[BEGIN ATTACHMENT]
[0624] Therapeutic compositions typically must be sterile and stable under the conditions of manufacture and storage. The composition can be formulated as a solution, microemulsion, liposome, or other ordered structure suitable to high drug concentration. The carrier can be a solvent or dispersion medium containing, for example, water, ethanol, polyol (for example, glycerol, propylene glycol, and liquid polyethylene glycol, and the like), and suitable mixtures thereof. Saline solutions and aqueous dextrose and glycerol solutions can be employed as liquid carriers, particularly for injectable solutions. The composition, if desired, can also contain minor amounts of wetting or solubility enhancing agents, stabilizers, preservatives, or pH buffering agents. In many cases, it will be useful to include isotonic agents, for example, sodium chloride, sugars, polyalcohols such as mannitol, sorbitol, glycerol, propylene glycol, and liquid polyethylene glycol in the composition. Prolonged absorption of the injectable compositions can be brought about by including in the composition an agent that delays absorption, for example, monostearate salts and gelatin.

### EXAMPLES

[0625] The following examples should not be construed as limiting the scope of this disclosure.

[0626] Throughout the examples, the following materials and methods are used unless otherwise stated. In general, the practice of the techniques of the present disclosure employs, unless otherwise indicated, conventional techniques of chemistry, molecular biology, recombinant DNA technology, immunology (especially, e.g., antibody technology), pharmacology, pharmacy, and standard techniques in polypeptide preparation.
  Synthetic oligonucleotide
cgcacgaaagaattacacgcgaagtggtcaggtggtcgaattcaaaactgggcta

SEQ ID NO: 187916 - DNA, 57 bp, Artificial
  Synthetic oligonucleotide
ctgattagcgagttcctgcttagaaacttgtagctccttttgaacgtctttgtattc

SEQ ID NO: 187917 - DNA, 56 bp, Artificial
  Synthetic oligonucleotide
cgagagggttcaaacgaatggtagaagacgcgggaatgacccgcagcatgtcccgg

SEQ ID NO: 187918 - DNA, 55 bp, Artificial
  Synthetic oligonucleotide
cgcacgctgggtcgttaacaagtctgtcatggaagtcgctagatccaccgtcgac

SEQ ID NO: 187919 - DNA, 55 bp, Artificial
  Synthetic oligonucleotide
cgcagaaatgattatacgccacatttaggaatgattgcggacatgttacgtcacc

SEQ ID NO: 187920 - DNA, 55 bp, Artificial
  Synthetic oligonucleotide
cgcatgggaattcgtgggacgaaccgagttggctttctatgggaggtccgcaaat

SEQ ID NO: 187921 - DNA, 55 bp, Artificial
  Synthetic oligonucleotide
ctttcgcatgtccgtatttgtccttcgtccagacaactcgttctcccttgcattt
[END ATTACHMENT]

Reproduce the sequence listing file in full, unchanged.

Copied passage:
[0624] Therapeutic compositions typically must be sterile and stable under the conditions of manufacture and storage. The composition can be formulated as a solution, microemulsion, liposome, or other ordered structure suitable to high drug concentration. The carrier can be a solvent or dispersion medium containing, for example, water, ethanol, polyol (for example, glycerol, propylene glycol, and liquid polyethylene glycol, and the like), and suitable mixtures thereof. Saline solutions and aqueous dextrose and glycerol solutions can be employed as liquid carriers, particularly for injectable solutions. The composition, if desired, can also contain minor amounts of wetting or solubility enhancing agents, stabilizers, preservatives, or pH buffering agents. In many cases, it will be useful to include isotonic agents, for example, sodium chloride, sugars, polyalcohols such as mannitol, sorbitol, glycerol, propylene glycol, and liquid polyethylene glycol in the composition. Prolonged absorption of the injectable compositions can be brought about by including in the composition an agent that delays absorption, for example, monostearate salts and gelatin.

### EXAMPLES

[0625] The following examples should not be construed as limiting the scope of this disclosure.

[0626] Throughout the examples, the following materials and methods are used unless otherwise stated. In general, the practice of the techniques of the present disclosure employs, unless otherwise indicated, conventional techniques of chemistry, molecular biology, recombinant DNA technology, immunology (especially, e.g., antibody technology), pharmacology, pharmacy, and standard techniques in polypeptide preparation.
  Synthetic oligonucleotide
cgcacgaaagaattacacgcgaagtggtcaggtggtcgaattcaaaactgggcta

SEQ ID NO: 187916 - DNA, 57 bp, Artificial
  Synthetic oligonucleotide
ctgattagcgagttcctgcttagaaacttgtagctccttttgaacgtctttgtattc

SEQ ID NO: 187917 - DNA, 56 bp, Artificial
  Synthetic oligonucleotide
cgagagggttcaaacgaatggtagaagacgcgggaatgacccgcagcatgtcccgg

SEQ ID NO: 187918 - DNA, 55 bp, Artificial
  Synthetic oligonucleotide
cgcacgctgggtcgttaacaagtctgtcatggaagtcgctagatccaccgtcgac

SEQ ID NO: 187919 - DNA, 55 bp, Artificial
  Synthetic oligonucleotide
cgcagaaatgattatacgccacatttaggaatgattgcggacatgttacgtcacc

SEQ ID NO: 187920 - DNA, 55 bp, Artificial
  Synthetic oligonucleotide
cgcatgggaattcgtgggacgaaccgagttggctttctatgggaggtccgcaaat

SEQ ID NO: 187921 - DNA, 55 bp, Artificial
  Synthetic oligonucleotide
ctttcgcatgtccgtatttgtccttcgtccagacaactcgttctcccttgcattt